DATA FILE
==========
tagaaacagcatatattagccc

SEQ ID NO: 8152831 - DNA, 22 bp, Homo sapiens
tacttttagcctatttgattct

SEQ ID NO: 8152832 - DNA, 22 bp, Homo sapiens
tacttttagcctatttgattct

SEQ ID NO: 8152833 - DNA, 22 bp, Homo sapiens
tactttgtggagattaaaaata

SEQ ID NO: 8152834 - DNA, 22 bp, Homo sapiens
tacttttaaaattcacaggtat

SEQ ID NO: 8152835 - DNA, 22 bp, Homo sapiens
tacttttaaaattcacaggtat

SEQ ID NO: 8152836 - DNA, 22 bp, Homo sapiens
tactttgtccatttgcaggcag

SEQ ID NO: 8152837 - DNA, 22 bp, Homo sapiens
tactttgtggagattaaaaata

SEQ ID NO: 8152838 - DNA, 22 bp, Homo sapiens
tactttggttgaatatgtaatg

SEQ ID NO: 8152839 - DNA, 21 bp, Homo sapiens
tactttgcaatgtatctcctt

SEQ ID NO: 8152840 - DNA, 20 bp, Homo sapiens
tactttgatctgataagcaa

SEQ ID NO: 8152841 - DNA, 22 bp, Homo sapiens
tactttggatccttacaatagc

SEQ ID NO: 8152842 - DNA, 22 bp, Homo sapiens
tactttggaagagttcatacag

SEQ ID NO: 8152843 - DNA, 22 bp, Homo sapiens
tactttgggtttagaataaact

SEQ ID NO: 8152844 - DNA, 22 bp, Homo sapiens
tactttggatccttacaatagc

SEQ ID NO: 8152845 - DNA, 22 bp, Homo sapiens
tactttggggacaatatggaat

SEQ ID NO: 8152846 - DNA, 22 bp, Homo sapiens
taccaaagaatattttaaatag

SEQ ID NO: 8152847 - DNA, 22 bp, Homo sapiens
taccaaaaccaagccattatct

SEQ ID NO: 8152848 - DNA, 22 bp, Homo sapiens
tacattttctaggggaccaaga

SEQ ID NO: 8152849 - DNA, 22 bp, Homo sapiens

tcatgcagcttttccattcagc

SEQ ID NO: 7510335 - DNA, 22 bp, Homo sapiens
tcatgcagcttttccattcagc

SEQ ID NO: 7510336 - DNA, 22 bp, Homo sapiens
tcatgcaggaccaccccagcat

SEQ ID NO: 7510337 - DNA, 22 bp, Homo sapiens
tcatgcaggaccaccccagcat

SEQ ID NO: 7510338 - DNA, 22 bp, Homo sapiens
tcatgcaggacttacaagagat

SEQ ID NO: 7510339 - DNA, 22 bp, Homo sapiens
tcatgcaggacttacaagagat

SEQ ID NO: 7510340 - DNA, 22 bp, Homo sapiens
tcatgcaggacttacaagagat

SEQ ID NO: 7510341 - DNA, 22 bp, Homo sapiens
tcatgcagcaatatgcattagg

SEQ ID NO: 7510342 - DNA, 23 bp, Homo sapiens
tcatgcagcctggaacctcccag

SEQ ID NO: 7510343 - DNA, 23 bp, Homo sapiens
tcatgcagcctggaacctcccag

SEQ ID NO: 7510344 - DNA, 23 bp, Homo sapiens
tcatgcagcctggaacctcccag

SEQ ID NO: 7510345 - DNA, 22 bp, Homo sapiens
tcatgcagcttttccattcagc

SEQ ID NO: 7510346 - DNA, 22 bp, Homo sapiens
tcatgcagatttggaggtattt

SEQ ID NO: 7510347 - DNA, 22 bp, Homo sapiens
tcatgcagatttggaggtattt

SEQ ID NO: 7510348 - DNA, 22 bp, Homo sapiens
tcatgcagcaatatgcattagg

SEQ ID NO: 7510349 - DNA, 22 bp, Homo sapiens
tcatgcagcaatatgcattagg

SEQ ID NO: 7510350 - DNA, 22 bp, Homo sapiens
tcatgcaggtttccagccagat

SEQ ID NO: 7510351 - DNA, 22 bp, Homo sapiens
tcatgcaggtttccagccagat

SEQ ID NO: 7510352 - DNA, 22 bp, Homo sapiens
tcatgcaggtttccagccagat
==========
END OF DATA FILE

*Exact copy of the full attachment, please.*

tagaaacagcatatattagccc

SEQ ID NO: 8152831 - DNA, 22 bp, Homo sapiens
tacttttagcctatttgattct

SEQ ID NO: 8152832 - DNA, 22 bp, Homo sapiens
tacttttagcctatttgattct

SEQ ID NO: 8152833 - DNA, 22 bp, Homo sapiens
tactttgtggagattaaaaata

SEQ ID NO: 8152834 - DNA, 22 bp, Homo sapiens
tacttttaaaattcacaggtat

SEQ ID NO: 8152835 - DNA, 22 bp, Homo sapiens
tacttttaaaattcacaggtat

SEQ ID NO: 8152836 - DNA, 22 bp, Homo sapiens
tactttgtccatttgcaggcag

SEQ ID NO: 8152837 - DNA, 22 bp, Homo sapiens
tactttgtggagattaaaaata

SEQ ID NO: 8152838 - DNA, 22 bp, Homo sapiens
tactttggttgaatatgtaatg

SEQ ID NO: 8152839 - DNA, 21 bp, Homo sapiens
tactttgcaatgtatctcctt

SEQ ID NO: 8152840 - DNA, 20 bp, Homo sapiens
tactttgatctgataagcaa

SEQ ID NO: 8152841 - DNA, 22 bp, Homo sapiens
tactttggatccttacaatagc

SEQ ID NO: 8152842 - DNA, 22 bp, Homo sapiens
tactttggaagagttcatacag

SEQ ID NO: 8152843 - DNA, 22 bp, Homo sapiens
tactttgggtttagaataaact

SEQ ID NO: 8152844 - DNA, 22 bp, Homo sapiens
tactttggatccttacaatagc

SEQ ID NO: 8152845 - DNA, 22 bp, Homo sapiens
tactttggggacaatatggaat

SEQ ID NO: 8152846 - DNA, 22 bp, Homo sapiens
taccaaagaatattttaaatag

SEQ ID NO: 8152847 - DNA, 22 bp, Homo sapiens
taccaaaaccaagccattatct

SEQ ID NO: 8152848 - DNA, 22 bp, Homo sapiens
tacattttctaggggaccaaga

SEQ ID NO: 8152849 - DNA, 22 bp, Homo sapiens

tcatgcagcttttccattcagc

SEQ ID NO: 7510335 - DNA, 22 bp, Homo sapiens
tcatgcagcttttccattcagc

SEQ ID NO: 7510336 - DNA, 22 bp, Homo sapiens
tcatgcaggaccaccccagcat

SEQ ID NO: 7510337 - DNA, 22 bp, Homo sapiens
tcatgcaggaccaccccagcat

SEQ ID NO: 7510338 - DNA, 22 bp, Homo sapiens
tcatgcaggacttacaagagat

SEQ ID NO: 7510339 - DNA, 22 bp, Homo sapiens
tcatgcaggacttacaagagat

SEQ ID NO: 7510340 - DNA, 22 bp, Homo sapiens
tcatgcaggacttacaagagat

SEQ ID NO: 7510341 - DNA, 22 bp, Homo sapiens
tcatgcagcaatatgcattagg

SEQ ID NO: 7510342 - DNA, 23 bp, Homo sapiens
tcatgcagcctggaacctcccag

SEQ ID NO: 7510343 - DNA, 23 bp, Homo sapiens
tcatgcagcctggaacctcccag

SEQ ID NO: 7510344 - DNA, 23 bp, Homo sapiens
tcatgcagcctggaacctcccag

SEQ ID NO: 7510345 - DNA, 22 bp, Homo sapiens
tcatgcagcttttccattcagc

SEQ ID NO: 7510346 - DNA, 22 bp, Homo sapiens
tcatgcagatttggaggtattt

SEQ ID NO: 7510347 - DNA, 22 bp, Homo sapiens
tcatgcagatttggaggtattt

SEQ ID NO: 7510348 - DNA, 22 bp, Homo sapiens
tcatgcagcaatatgcattagg

SEQ ID NO: 7510349 - DNA, 22 bp, Homo sapiens
tcatgcagcaatatgcattagg

SEQ ID NO: 7510350 - DNA, 22 bp, Homo sapiens
tcatgcaggtttccagccagat

SEQ ID NO: 7510351 - DNA, 22 bp, Homo sapiens
tcatgcaggtttccagccagat

SEQ ID NO: 7510352 - DNA, 22 bp, Homo sapiens
tcatgcaggtttccagccagat